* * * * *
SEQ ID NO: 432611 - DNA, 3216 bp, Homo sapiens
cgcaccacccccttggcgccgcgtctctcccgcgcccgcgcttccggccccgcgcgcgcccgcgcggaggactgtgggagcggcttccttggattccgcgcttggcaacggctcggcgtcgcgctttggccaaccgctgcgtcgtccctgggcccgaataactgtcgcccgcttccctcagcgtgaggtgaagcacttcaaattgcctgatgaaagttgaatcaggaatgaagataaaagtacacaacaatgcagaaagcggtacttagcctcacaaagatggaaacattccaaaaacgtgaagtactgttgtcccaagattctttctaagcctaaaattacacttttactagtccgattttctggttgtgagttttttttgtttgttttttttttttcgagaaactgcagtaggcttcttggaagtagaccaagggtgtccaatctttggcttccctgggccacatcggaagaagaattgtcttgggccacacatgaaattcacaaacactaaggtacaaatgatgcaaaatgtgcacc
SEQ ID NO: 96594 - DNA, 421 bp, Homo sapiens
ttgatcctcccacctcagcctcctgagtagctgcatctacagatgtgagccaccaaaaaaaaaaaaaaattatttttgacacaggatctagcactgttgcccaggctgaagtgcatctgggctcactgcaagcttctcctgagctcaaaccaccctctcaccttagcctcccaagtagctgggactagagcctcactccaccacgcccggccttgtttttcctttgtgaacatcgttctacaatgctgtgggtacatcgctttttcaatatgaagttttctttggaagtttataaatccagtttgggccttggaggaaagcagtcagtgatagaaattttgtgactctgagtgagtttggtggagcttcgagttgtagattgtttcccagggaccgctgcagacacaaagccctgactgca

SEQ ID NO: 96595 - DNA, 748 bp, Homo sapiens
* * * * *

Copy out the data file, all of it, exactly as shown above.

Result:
SEQ ID NO: 432611 - DNA, 3216 bp, Homo sapiens
cgcaccacccccttggcgccgcgtctctcccgcgcccgcgcttccggccccgcgcgcgcccgcgcggaggactgtgggagcggcttccttggattccgcgcttggcaacggctcggcgtcgcgctttggccaaccgctgcgtcgtccctgggcccgaataactgtcgcccgcttccctcagcgtgaggtgaagcacttcaaattgcctgatgaaagttgaatcaggaatgaagataaaagtacacaacaatgcagaaagcggtacttagcctcacaaagatggaaacattccaaaaacgtgaagtactgttgtcccaagattctttctaagcctaaaattacacttttactagtccgattttctggttgtgagttttttttgtttgttttttttttttcgagaaactgcagtaggcttcttggaagtagaccaagggtgtccaatctttggcttccctgggccacatcggaagaagaattgtcttgggccacacatgaaattcacaaacactaaggtacaaatgatgcaaaatgtgcacc
SEQ ID NO: 96594 - DNA, 421 bp, Homo sapiens
ttgatcctcccacctcagcctcctgagtagctgcatctacagatgtgagccaccaaaaaaaaaaaaaaattatttttgacacaggatctagcactgttgcccaggctgaagtgcatctgggctcactgcaagcttctcctgagctcaaaccaccctctcaccttagcctcccaagtagctgggactagagcctcactccaccacgcccggccttgtttttcctttgtgaacatcgttctacaatgctgtgggtacatcgctttttcaatatgaagttttctttggaagtttataaatccagtttgggccttggaggaaagcagtcagtgatagaaattttgtgactctgagtgagtttggtggagcttcgagttgtagattgtttcccagggaccgctgcagacacaaagccctgactgca

SEQ ID NO: 96595 - DNA, 748 bp, Homo sapiens